Powerful stuff, language; dangerous, too.

PEN International sponsored this panel, and an empty chair on the stage represented writers who have been killed or jailed for daring to not only have an opinion, but to air it.

To balance out this heavy topic, a short walk up Swanson St, the Toff in Town was hosting Stories Unbound. At the Toff, I’ve learnt, it pays to order two drinks at a time, especially when the house is packed. And it was, with punters turning up to hear Tishani Doshi, Brissie’s Nick Earls, Leslie Cannold, Anna Krien, Michael Robotham and MC David Astle share, without notes, an unpublished anecdote from their lives.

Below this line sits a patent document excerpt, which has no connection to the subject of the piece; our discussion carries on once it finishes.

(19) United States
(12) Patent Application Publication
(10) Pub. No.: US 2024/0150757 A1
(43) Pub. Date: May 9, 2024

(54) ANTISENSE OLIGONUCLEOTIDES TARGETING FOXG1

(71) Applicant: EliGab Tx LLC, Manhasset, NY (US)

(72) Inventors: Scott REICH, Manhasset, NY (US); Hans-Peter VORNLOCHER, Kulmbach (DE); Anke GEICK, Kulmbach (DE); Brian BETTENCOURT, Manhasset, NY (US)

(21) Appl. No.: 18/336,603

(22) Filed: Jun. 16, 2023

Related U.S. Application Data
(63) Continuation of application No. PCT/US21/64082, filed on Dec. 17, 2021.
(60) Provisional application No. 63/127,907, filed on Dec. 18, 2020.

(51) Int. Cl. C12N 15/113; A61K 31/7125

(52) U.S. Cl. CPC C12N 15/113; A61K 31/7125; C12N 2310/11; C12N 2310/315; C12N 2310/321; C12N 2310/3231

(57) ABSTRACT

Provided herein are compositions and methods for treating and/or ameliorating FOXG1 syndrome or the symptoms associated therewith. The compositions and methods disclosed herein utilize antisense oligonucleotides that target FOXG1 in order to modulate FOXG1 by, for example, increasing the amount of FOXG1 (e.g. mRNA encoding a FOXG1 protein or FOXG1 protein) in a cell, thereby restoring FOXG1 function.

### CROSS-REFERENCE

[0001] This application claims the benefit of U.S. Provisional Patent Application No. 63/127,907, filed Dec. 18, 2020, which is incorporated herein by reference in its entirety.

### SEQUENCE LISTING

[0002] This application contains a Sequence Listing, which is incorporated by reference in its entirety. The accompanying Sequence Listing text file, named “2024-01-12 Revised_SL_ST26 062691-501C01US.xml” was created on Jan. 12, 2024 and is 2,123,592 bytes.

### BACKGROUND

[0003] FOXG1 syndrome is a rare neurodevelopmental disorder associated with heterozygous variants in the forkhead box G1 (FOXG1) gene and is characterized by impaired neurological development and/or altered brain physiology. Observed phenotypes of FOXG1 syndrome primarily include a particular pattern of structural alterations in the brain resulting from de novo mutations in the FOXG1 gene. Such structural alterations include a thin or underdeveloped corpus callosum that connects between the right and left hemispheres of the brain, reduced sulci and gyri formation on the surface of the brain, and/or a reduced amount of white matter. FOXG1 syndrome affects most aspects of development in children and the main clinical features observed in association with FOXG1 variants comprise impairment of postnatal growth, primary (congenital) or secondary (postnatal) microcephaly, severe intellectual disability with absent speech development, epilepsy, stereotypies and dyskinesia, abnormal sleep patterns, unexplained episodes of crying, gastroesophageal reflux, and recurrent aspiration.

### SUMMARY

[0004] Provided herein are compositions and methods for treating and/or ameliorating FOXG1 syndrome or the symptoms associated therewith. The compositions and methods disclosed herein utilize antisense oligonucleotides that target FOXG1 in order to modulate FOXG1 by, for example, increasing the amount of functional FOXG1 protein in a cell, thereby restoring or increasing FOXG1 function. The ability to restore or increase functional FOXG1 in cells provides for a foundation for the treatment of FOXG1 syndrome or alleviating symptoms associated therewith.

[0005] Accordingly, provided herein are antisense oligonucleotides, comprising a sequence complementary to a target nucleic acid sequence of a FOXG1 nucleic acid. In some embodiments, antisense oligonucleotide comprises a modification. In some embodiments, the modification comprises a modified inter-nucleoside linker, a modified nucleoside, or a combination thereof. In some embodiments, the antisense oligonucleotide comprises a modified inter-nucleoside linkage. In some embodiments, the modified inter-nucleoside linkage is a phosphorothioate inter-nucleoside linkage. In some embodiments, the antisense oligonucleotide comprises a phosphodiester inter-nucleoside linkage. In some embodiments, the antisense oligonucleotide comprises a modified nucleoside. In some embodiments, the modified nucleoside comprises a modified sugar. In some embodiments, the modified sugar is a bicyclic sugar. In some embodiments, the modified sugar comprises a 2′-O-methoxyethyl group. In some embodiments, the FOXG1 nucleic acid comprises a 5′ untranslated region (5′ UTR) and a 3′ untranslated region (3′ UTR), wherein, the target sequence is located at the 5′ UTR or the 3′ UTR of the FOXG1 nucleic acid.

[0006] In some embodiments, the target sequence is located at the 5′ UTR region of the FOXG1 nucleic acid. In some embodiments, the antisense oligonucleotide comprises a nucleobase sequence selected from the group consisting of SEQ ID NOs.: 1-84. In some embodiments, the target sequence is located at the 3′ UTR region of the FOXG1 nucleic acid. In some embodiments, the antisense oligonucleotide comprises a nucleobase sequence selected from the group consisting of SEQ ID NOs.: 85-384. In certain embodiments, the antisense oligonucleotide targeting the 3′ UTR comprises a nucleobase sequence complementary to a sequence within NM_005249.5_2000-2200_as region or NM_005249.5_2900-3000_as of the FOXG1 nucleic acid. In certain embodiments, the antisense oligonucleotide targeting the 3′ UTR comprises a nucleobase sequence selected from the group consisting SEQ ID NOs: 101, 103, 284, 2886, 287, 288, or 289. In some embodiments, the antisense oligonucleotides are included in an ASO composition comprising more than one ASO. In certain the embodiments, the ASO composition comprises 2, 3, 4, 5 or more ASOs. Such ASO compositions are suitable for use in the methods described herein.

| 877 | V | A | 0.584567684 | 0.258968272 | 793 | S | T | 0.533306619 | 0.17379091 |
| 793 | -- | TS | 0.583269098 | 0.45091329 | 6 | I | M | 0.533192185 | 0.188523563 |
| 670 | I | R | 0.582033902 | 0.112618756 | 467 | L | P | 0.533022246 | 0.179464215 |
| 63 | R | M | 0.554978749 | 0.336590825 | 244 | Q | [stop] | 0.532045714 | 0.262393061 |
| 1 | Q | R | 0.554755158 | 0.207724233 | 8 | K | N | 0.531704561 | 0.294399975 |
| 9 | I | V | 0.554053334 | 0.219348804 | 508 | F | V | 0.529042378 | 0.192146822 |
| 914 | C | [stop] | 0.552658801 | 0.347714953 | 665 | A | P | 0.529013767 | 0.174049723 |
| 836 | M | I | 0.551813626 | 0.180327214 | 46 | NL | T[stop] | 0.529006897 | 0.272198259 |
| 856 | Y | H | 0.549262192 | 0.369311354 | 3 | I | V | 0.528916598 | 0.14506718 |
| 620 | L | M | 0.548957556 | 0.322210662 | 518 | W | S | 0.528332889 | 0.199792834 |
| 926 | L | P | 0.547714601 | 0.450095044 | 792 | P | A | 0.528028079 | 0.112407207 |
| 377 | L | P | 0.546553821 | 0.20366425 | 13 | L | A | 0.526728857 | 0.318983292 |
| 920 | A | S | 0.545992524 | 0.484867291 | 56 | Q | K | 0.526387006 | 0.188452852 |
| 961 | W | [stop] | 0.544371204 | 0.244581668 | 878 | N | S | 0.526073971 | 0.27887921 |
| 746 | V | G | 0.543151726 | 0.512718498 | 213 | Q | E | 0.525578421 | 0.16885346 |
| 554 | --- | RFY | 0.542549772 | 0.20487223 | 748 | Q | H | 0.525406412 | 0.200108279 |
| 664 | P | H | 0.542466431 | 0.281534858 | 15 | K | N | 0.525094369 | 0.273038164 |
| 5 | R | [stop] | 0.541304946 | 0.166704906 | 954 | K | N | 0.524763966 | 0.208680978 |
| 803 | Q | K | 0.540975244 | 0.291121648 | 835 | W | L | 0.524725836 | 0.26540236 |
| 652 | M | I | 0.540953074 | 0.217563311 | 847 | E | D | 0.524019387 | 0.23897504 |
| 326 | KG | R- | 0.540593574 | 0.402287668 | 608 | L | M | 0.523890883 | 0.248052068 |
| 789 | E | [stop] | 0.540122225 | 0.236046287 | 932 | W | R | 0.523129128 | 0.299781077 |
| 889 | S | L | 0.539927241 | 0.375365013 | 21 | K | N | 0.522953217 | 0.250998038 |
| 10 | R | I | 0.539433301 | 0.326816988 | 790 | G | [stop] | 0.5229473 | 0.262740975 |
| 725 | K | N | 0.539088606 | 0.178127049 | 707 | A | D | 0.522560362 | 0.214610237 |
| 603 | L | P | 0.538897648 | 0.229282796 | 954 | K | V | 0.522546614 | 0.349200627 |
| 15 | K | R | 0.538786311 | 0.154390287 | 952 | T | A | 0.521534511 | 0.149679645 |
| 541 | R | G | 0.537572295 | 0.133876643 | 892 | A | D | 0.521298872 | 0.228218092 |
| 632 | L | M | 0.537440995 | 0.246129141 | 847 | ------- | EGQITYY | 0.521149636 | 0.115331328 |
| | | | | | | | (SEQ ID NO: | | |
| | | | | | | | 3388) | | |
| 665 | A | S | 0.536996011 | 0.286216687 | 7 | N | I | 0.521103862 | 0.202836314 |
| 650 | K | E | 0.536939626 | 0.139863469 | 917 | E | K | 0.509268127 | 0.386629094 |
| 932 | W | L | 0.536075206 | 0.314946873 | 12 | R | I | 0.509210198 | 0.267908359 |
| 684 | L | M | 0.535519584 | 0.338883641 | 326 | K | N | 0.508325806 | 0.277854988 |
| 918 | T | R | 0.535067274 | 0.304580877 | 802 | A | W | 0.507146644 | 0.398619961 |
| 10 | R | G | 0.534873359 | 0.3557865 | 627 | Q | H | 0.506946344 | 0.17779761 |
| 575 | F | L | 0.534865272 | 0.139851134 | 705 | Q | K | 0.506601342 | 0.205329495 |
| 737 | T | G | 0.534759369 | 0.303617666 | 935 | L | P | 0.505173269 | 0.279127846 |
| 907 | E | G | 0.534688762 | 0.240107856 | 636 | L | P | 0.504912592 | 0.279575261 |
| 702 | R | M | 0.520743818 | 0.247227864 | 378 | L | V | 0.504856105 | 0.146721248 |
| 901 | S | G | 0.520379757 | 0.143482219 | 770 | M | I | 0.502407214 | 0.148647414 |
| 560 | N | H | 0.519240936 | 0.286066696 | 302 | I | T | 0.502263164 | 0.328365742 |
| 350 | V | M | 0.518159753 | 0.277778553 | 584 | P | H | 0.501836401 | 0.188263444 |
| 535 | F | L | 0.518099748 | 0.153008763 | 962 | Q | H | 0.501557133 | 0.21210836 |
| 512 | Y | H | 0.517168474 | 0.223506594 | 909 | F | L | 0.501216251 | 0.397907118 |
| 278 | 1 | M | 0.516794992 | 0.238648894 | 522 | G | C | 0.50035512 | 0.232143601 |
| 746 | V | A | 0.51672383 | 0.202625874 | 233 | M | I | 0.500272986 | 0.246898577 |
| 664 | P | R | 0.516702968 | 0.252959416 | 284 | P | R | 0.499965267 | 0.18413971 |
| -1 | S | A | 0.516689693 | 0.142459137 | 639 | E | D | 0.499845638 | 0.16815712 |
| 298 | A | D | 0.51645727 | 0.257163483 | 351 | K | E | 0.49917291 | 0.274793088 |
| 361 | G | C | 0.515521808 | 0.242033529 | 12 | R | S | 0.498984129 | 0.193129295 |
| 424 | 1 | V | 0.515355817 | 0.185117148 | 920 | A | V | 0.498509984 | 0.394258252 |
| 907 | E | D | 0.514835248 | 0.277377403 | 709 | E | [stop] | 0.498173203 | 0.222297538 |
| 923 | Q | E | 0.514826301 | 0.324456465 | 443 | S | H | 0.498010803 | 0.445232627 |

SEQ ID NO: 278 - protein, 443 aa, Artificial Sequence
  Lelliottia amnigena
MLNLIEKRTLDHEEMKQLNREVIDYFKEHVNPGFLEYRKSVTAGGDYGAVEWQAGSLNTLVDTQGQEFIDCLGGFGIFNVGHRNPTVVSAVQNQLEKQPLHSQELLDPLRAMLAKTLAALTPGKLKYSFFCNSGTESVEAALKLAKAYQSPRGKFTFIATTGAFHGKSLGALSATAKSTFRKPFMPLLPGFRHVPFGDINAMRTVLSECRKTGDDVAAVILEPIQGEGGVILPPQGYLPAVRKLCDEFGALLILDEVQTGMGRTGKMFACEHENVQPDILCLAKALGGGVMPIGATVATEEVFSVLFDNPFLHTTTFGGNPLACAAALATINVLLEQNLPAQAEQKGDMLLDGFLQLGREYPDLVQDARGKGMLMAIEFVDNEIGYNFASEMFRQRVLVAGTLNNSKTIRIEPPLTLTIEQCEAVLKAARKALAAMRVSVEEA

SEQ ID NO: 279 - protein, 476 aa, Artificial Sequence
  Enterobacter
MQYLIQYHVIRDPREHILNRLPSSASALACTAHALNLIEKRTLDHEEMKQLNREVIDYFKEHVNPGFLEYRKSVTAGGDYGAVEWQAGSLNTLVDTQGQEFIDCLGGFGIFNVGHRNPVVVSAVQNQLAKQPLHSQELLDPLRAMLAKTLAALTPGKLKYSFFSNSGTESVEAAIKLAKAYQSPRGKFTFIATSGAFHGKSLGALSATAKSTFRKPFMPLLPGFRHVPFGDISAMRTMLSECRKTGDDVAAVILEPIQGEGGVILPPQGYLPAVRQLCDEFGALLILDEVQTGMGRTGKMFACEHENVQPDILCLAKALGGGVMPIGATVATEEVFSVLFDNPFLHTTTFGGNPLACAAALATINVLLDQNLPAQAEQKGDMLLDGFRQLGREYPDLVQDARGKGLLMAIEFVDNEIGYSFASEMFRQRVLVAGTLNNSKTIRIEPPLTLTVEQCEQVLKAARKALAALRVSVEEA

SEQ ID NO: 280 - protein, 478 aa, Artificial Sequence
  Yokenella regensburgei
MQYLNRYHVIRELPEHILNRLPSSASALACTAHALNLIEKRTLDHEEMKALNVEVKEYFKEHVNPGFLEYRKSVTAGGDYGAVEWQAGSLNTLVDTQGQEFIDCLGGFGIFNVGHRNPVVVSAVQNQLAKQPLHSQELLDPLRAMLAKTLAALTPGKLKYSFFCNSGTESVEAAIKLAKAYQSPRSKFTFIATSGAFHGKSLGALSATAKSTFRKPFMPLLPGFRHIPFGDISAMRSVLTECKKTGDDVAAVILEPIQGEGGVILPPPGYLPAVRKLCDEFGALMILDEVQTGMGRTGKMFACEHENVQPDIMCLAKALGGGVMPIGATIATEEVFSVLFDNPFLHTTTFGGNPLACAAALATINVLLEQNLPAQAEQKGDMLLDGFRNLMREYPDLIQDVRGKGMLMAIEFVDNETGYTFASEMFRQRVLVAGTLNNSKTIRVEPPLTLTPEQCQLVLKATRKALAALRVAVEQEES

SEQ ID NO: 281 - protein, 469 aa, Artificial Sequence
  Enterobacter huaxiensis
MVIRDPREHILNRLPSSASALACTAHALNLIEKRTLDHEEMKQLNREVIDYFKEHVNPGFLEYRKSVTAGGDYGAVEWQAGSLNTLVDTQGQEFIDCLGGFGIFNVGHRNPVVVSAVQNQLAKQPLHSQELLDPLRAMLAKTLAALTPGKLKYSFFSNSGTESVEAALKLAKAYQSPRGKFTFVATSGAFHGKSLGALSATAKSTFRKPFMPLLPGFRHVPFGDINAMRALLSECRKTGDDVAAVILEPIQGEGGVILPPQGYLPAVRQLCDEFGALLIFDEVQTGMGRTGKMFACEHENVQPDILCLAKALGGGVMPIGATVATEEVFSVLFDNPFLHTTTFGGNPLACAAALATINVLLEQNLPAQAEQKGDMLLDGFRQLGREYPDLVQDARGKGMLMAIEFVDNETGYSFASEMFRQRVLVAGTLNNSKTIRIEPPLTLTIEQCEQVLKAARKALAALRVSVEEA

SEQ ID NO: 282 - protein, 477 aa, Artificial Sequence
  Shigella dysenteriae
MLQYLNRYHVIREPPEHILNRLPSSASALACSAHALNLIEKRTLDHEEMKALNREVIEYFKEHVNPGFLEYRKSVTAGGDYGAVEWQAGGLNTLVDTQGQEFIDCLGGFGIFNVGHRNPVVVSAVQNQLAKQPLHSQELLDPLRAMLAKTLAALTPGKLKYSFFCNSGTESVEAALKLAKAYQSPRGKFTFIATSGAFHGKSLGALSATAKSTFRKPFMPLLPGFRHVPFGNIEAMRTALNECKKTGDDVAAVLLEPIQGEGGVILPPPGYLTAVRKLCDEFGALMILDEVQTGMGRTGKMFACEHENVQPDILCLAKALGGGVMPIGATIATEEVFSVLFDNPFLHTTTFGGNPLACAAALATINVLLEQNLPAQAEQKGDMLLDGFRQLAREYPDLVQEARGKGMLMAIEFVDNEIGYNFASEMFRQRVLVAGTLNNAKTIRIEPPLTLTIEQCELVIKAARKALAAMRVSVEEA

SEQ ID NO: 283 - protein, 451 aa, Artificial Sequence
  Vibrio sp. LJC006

Doshi: her love for the woman who introduced her to dance and so freed her to pursue an artistic life; Earls: how the Pope helped him pass medicine — funny stuff, involving testicles and Gaviscon; Cannold: a Jewish mother having to decide whether to get her sons circumcised; Krien: a tonguey from a 90-year-old man in the name of journalism; Robotham: separate misadventures involving pornographers and a redneck. All with sign interpretation. So a good mix of serious and humorous in a convivial atmosphere.

Oh, the music: on the train, there was a guy strumming his guitar, but it was kind of dull so I plugged in my mp3 player. And then got home to the awesome announcement of friend Sarah’s solo album deal with ABC Classics. As Night Falls is the name of the album: can’t wait!

* speaking of Metropolis, it’s as good a throw as I could come up with with to preview the upcoming exhibition of Modernity in German Art 1910-37: it’s hip to be square!